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Date: Tue, 3 Dec 2013 05:25:44 +0400
From: Solar Designer <>
Subject: [openwall-announce] Energy-efficient bcrypt cracking (Passwords^13 slides)


Continuing (beyond) her GSoC project with Openwall, Katja Malvoni has
presented a comparison of bcrypt cracking efficiency achieved on chips
based on Epiphany many-core architecture and on an FPGA vs. common CPUs,
GPUs, and Intel MIC (Xeon Phi).  Katja has delivered the talk (including
a live demo) at PasswordsCon Bergen, and we've placed the slides online:

To summarize, bcrypt cracking is still very slow, but Epiphany and FPGAs
achieve much higher speeds per Watt, which enables higher density (more
chips per board, more boards per system).  While Katja's implementation
of bcrypt cracking on Epiphany is nearly optimal, there's still a lot of
room for optimization for FPGAs, so we expect to continue this project.

While this is primarily Katja's project and talk, I ended up joining as
a co-author for the presentation, to provide baseline performance and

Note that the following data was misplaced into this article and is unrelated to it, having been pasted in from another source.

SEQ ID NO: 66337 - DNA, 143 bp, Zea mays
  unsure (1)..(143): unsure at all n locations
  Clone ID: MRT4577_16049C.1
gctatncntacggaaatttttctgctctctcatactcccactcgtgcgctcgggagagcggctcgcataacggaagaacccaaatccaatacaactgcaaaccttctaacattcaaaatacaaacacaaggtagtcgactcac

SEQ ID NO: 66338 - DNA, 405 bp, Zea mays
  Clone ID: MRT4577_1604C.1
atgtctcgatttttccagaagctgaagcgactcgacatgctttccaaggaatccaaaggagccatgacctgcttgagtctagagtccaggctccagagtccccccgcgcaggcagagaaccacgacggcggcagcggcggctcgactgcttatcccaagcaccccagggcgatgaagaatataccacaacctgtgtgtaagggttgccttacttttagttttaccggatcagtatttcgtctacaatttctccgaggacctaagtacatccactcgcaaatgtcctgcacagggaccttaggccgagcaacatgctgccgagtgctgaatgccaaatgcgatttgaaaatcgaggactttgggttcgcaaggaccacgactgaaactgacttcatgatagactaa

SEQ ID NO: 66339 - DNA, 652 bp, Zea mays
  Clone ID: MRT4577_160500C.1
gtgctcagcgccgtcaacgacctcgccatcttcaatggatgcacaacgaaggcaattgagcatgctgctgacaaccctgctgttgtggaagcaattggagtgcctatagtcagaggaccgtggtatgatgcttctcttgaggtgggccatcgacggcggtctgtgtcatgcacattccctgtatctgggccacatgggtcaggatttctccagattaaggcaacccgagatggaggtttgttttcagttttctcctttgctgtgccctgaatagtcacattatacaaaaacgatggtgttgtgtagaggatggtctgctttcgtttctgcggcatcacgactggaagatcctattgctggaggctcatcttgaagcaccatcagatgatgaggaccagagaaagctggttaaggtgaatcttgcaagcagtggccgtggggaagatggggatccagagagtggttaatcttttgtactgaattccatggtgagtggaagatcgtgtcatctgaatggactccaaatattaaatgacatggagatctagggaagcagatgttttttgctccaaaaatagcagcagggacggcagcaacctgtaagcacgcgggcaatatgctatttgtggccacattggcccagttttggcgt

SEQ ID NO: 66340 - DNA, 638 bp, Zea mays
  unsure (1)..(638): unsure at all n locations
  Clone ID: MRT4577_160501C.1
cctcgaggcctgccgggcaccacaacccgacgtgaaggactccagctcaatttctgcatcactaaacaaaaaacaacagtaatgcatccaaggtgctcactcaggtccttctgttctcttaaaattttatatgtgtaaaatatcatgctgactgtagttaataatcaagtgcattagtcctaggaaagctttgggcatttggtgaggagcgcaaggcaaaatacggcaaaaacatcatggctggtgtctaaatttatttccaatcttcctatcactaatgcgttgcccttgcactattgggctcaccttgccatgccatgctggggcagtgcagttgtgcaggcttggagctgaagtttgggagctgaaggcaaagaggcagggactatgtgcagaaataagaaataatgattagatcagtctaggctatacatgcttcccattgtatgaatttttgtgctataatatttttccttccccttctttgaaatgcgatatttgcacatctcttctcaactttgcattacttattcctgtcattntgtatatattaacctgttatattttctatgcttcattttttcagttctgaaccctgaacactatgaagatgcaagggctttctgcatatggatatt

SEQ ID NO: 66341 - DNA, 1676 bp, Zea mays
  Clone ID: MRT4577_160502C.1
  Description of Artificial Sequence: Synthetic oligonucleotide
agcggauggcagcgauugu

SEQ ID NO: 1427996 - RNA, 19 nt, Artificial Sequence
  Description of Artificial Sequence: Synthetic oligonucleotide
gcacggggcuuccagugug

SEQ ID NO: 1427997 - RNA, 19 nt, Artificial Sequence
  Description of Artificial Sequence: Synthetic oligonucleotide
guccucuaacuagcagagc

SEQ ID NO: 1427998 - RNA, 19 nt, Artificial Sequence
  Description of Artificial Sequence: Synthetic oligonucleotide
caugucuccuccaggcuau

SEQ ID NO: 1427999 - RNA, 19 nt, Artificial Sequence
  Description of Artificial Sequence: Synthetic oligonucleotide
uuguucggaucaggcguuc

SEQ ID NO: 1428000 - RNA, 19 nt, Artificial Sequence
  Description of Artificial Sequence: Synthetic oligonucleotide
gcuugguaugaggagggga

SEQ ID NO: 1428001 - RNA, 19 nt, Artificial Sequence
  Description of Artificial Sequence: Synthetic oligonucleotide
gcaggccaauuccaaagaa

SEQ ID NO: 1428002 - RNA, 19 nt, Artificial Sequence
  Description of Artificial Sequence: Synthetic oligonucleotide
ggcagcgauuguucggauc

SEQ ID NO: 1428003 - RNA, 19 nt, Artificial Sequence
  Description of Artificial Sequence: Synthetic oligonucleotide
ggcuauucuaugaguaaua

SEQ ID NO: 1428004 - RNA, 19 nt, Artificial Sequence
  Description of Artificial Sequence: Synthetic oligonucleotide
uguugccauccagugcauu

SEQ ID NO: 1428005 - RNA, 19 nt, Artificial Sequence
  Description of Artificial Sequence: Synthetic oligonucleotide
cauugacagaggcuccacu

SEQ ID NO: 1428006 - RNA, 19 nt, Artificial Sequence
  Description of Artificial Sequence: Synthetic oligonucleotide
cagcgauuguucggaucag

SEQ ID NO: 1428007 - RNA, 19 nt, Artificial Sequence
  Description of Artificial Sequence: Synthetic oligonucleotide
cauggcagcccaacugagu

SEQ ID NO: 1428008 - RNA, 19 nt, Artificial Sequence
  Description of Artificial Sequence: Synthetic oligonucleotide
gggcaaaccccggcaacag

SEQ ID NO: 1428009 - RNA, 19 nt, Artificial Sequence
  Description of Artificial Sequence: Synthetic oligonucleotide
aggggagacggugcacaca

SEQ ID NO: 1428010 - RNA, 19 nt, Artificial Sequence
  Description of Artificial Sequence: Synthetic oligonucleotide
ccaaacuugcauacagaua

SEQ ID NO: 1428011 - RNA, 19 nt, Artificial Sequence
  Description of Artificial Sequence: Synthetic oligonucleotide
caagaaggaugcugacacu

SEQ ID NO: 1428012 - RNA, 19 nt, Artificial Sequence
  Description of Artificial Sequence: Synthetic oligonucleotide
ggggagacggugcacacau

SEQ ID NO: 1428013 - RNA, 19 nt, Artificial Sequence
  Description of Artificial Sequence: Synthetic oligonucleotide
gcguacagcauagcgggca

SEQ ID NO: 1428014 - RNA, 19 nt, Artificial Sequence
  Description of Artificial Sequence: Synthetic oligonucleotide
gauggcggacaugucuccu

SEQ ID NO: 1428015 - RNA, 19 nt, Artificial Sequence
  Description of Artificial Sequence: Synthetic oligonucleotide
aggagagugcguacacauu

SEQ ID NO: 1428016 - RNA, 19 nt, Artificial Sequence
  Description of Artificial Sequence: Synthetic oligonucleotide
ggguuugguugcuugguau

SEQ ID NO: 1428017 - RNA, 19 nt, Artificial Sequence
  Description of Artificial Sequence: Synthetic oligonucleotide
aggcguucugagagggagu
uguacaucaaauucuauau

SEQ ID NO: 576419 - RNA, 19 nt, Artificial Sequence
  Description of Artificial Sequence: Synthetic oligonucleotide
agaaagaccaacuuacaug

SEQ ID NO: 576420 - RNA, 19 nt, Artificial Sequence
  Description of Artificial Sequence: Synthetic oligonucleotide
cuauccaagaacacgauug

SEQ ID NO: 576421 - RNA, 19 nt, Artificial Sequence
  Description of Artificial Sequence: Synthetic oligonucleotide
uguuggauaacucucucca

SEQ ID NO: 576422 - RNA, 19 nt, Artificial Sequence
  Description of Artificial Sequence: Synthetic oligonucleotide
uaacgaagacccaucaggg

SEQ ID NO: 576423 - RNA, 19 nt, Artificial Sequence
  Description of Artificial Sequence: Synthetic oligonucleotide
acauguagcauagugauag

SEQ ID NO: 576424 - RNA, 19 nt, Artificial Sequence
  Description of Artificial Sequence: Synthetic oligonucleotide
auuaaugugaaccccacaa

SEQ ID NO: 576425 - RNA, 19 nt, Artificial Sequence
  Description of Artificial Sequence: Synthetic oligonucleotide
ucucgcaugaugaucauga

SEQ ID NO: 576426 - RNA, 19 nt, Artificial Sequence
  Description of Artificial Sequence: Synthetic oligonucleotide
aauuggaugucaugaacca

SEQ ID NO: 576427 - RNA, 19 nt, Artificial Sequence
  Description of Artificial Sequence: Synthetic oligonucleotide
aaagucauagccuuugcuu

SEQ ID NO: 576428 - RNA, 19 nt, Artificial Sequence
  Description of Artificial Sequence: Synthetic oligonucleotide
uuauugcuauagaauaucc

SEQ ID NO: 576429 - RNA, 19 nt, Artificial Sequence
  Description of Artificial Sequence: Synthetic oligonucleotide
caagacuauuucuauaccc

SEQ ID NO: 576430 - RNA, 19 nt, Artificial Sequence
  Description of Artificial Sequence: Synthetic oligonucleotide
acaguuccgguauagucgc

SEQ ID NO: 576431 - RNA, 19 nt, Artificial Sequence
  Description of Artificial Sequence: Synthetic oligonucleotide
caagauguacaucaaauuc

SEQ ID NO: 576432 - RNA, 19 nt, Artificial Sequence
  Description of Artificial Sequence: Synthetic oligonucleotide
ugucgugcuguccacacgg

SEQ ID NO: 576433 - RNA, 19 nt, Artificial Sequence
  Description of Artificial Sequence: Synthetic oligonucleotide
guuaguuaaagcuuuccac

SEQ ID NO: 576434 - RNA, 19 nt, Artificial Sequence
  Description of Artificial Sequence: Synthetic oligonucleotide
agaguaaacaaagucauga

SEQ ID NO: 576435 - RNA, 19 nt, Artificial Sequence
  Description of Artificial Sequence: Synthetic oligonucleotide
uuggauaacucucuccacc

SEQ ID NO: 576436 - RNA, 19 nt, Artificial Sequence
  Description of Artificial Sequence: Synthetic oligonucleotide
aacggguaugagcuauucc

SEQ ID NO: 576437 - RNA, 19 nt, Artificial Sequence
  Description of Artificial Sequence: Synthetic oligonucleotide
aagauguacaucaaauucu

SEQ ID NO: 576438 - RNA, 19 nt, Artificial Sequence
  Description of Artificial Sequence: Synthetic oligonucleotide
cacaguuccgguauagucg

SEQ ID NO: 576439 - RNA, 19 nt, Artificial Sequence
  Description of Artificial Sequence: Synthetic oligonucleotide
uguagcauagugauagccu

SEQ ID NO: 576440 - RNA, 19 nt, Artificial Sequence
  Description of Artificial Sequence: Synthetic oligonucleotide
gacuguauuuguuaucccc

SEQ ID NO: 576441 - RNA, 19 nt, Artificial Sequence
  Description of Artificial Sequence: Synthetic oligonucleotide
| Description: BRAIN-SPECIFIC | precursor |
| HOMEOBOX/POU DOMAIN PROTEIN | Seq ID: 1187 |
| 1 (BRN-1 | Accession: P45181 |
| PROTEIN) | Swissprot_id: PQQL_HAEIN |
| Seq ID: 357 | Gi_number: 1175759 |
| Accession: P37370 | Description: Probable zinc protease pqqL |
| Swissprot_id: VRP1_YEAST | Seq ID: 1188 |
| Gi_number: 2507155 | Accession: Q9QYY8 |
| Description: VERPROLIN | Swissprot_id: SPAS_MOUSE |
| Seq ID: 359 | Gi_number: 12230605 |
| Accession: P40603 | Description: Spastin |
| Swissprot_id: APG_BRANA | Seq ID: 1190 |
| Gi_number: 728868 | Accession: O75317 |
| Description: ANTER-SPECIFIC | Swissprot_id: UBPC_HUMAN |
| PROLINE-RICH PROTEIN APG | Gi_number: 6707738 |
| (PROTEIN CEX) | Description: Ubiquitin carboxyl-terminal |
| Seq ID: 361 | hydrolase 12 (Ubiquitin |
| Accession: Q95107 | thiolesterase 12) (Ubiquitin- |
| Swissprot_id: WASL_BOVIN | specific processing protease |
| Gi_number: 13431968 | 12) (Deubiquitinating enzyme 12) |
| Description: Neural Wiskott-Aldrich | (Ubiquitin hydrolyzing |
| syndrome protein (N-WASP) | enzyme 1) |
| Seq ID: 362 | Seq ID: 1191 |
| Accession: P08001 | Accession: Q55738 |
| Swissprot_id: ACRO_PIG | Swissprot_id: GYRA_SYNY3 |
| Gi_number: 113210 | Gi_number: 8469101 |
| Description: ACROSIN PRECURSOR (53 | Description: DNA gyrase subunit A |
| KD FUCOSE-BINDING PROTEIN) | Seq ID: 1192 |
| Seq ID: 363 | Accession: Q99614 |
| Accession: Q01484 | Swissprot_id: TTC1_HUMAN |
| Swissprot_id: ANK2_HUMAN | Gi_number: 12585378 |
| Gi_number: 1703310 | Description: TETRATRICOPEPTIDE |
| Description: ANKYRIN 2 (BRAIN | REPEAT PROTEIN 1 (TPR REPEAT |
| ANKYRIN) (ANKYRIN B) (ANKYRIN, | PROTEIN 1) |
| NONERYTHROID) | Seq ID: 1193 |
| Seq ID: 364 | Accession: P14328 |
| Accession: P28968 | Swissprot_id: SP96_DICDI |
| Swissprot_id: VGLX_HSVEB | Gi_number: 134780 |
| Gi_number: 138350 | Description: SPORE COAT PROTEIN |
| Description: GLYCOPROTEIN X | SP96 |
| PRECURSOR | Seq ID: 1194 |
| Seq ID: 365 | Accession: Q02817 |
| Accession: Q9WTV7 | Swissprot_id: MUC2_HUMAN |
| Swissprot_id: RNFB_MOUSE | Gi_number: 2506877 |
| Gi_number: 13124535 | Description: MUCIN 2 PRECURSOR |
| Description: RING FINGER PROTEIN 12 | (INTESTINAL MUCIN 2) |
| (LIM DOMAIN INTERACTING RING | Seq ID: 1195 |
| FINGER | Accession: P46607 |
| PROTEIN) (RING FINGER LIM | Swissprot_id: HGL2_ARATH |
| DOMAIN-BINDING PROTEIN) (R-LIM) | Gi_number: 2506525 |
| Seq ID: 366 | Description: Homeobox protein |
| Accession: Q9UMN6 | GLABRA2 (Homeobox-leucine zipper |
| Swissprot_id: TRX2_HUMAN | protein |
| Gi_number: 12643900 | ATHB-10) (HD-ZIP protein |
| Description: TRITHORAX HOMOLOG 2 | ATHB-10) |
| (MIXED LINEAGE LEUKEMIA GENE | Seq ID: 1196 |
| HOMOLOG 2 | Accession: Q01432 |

power usage figures for CPUs, GPUs, and MIC.  While working on this, I
optimized JtR's bcrypt code for x86-64 some further, implementing 3x
interleaving, which helped some CPUs achieve higher speeds.  I also
produced and tried out revisions of Steve Thomas' bcrypt/AVX2 code on
Haswell and, with further changes to move to MIC intrinsics, on Knights
Corner (results: no luck getting any speedup over optimized scalar
implementations).  The 3x interleaving will likely get into an upcoming
JtR release, although it might not be enabled by default (unfortunately,
there are also CPUs where this change hurts performance a little bit).


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